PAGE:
“To have good friends in the other religious groups, that’s good because it gives me perspective of the other people, other beliefs,” Lopez said. “They are good friends. We should have friends outside that help us to understand people without our own beliefs, that are different. But differences are not bad.”
The Roman Catholic Church is a prominent religion in Spain is the Catholic religion. Lopez said Catholicism has become a cultural belief rather than a person’s religion.
“The Spanish are losing their religiosity because the Catholic church is not something they practice. It’s what they call a cultural belief,” Lopez said. “You are Catholic because you are born in Spain, and then you go to church for baptisms, for first communion, for weddings and for funerals and sometimes to mass. But not many (go to mass).”
Lopez said this is especially true among youths in Spain, who are becoming increasingly less religious.
Calderon echoed this sentiment. “I think it’s a bigger deal for the youth here because it’s harder to be accepted socially as a Mormon when you’re younger because you don’t do what everyone else is doing,” she said.
Richards, who moved to Spain for a two-year rotation for her husband’s work, has observed a number of cultural variations.
“The Mormon culture is different in the United States too wherever you go,” Richards said. “There’s East Coast Mormon culture, there’s California, you got Northwest — it’s so different wherever you go.”
Richards said her ward in Spain was incredibly welcoming to her and her family when they moved in. She said this is different from her experiences in wards in the United States, where it took them a bit longer to “feel settled and make friends.”
The most important thing to Richards is helping her children learn to rely on family and God.
“Even when you feel lost, even when you think you don’t know anybody, if nobody understands you or what you’re going through, you’re never alone. You can always rely on your family and Heavenly Father,” Richards said. “It just takes time, and that’s been one of our things is teaching (our children) how to adapt, how to handle new situations.”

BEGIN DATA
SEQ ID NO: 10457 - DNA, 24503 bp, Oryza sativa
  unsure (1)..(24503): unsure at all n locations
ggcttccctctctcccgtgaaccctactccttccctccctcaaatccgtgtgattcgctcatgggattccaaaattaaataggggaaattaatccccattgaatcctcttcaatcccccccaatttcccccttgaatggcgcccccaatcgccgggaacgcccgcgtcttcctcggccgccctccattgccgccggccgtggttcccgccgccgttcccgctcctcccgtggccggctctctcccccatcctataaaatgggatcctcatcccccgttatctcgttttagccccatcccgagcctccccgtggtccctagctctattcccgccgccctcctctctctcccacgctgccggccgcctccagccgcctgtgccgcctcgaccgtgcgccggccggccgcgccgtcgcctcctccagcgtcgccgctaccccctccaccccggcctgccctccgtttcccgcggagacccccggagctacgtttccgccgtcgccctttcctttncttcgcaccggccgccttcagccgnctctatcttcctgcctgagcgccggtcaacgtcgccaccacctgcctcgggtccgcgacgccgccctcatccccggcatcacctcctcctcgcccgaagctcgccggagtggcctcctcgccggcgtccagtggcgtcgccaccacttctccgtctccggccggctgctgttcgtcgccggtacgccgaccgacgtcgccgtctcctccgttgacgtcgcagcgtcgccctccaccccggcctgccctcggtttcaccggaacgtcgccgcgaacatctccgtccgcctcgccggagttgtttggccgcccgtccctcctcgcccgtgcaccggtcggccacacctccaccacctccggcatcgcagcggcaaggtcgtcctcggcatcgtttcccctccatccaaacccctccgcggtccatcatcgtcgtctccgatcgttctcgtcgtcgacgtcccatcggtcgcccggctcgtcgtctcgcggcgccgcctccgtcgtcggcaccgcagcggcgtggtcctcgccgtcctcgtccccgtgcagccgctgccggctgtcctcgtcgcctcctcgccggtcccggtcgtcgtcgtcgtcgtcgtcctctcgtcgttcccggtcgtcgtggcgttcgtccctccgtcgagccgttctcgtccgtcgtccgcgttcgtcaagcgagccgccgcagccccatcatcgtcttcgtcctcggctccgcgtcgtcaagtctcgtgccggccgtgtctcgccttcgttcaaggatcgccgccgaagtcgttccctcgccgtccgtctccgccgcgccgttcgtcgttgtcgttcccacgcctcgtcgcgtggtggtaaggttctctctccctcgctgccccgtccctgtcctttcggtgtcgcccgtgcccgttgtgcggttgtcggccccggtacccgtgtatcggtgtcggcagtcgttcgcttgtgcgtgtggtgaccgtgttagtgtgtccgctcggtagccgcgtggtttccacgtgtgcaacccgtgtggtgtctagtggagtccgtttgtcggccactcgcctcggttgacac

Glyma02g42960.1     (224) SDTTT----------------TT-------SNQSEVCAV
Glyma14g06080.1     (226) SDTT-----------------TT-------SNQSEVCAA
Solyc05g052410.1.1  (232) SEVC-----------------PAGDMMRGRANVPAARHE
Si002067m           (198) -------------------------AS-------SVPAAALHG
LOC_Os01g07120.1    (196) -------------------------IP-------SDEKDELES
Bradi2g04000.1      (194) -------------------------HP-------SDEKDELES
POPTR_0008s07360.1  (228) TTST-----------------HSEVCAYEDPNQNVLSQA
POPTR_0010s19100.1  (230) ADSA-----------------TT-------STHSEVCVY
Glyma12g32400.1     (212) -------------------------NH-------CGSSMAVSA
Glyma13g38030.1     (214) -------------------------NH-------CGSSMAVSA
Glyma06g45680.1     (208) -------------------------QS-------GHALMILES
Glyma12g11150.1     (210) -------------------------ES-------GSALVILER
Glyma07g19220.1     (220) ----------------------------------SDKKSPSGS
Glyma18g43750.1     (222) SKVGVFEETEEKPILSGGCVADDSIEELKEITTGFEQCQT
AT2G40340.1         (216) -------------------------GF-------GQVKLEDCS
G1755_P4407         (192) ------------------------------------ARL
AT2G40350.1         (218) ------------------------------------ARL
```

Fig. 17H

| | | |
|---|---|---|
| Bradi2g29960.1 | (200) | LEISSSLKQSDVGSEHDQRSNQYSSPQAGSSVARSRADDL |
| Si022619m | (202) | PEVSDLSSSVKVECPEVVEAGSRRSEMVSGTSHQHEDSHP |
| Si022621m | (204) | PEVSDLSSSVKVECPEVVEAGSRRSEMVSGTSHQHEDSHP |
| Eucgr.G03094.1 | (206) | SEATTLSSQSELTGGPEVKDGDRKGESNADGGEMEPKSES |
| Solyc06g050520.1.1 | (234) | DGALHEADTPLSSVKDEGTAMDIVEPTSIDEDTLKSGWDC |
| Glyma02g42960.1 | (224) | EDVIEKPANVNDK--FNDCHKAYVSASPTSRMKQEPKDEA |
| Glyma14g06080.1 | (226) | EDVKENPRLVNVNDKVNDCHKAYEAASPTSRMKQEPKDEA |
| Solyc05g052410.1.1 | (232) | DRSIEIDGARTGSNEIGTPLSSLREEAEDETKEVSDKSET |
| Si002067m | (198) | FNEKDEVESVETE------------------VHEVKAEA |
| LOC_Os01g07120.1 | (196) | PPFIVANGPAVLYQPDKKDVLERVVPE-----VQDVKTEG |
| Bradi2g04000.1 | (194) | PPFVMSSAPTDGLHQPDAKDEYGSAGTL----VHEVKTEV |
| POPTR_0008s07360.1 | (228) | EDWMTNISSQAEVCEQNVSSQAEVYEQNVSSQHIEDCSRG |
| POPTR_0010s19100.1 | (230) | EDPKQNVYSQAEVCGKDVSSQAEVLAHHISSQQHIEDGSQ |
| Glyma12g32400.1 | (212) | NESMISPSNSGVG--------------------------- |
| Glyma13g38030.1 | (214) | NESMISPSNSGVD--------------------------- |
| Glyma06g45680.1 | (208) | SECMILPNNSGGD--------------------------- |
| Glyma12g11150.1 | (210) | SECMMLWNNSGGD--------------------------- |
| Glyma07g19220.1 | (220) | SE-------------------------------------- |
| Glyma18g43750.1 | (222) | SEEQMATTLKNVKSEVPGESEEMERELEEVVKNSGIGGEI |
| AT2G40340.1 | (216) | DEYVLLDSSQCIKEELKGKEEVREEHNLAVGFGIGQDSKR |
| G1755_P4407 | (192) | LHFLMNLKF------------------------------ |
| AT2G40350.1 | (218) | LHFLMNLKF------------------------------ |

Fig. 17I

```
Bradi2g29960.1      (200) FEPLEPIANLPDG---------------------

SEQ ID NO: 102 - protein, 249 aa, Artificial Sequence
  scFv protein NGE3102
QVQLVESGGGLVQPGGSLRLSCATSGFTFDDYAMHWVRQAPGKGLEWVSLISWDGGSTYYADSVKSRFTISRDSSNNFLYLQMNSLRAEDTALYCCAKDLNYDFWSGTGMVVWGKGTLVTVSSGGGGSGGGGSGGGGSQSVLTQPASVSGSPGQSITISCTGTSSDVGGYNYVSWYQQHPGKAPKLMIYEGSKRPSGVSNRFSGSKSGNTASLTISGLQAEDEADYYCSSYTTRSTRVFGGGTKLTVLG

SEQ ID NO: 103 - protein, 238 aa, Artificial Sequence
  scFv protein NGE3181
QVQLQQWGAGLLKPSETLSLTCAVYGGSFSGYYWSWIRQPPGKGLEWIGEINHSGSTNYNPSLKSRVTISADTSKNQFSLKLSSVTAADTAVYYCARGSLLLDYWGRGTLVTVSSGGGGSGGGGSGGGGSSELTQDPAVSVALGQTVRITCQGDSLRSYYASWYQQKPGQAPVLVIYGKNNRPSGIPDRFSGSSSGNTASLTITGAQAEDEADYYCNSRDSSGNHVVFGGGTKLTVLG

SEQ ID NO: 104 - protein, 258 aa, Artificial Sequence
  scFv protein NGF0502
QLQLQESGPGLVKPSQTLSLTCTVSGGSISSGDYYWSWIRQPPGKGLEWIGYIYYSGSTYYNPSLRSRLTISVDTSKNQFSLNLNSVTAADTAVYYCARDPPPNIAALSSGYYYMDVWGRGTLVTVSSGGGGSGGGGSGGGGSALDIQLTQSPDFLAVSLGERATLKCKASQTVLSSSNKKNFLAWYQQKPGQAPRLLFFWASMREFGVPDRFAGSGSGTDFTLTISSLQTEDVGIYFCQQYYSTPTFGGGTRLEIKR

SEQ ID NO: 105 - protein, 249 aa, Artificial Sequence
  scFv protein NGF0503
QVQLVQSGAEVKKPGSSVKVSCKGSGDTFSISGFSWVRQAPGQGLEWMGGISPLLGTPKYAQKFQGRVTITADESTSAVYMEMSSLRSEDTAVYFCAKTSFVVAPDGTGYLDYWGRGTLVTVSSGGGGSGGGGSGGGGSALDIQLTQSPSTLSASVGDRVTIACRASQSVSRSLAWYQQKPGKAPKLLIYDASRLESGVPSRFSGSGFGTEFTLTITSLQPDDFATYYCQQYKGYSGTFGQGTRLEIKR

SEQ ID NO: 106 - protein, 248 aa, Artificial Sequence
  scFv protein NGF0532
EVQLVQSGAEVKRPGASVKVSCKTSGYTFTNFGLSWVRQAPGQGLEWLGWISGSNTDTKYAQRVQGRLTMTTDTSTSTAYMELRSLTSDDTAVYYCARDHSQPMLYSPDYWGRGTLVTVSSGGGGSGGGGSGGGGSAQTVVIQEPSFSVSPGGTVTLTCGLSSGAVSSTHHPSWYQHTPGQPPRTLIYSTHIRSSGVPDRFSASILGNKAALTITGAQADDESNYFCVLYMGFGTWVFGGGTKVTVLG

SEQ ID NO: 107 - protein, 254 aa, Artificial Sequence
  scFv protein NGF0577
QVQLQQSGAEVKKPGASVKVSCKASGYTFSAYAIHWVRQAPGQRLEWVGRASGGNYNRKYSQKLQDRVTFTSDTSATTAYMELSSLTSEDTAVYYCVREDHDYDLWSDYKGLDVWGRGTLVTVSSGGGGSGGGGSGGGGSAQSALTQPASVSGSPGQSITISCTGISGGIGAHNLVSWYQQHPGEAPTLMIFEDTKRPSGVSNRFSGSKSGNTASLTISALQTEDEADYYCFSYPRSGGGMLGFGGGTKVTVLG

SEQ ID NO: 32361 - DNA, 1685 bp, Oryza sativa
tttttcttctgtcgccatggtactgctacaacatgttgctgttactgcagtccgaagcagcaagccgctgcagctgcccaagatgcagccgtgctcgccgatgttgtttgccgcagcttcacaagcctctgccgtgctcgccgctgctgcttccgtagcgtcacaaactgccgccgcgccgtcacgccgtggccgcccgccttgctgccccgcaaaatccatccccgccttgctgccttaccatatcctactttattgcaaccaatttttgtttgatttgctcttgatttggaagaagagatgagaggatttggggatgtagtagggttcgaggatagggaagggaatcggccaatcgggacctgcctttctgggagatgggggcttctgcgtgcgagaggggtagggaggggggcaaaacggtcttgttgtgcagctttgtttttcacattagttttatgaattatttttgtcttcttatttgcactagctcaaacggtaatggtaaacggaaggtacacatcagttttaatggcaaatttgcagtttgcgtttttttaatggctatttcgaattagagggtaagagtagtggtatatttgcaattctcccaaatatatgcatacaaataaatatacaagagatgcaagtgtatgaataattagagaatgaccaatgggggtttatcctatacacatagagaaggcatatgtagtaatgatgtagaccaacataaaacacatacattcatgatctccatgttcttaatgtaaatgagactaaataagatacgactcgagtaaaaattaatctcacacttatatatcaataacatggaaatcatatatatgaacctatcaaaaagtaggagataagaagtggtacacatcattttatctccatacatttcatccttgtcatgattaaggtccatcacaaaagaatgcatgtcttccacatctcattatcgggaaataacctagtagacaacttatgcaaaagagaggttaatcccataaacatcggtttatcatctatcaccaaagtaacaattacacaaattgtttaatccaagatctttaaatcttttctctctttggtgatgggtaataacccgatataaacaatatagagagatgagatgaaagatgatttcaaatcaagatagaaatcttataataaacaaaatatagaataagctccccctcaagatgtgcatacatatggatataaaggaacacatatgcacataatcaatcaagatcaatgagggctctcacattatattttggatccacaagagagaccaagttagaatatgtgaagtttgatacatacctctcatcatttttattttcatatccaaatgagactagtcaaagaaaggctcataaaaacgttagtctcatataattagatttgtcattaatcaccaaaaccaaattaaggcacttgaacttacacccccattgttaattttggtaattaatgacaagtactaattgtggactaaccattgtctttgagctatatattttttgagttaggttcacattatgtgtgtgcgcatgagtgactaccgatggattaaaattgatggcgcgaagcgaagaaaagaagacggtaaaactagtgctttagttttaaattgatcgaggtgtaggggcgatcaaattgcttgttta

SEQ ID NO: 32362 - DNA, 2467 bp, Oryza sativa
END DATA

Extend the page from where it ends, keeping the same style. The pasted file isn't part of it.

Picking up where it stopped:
Juan Manuel Arnal is a convert to the church. He said one day while taking the missionary discussions, he decided he was done. However, he continued to read the Book of Mormon, carrying it “wrapped up and protected” in his jacket.
After a couple more lessons from the sister missionaries, Arnal was going to make good on his decision to quit taking the lessons. He decided to go tell the sister missionaries he was done but instead found a letter from them in his mailbox. The letter talked about how much the sisters loved Arnal and how much God loved him too.
“One letter, on a Saturday in Spain — and there wasn’t a mailman — they felt the need to go and leave the note themselves after a few lessons with me,” Arnal said. “And that letter made me make the decision to continue listening and later get baptized. Such a small thing, yet so important.”
Arnal is currently the bishop of the Alcalá de Henares Ward in Spain. He said missionary work is hard in Spain because “Europeans are a little colder towards the gospel.”
“The Spanish people, and Europeans, we have to go back to desiring to search for the truth,” Arnal said. “There are other cultures, where God is a part of their lives in a very natural way. It worries me that for a large portion of the Spanish people, but not all, God is a subject that isn’t present in their lives.”
Arnal said he hopes the people in Spain realize what they are missing — the gospel of Jesus Christ — and seek it out, a quality expressed in his personal conversion to the church.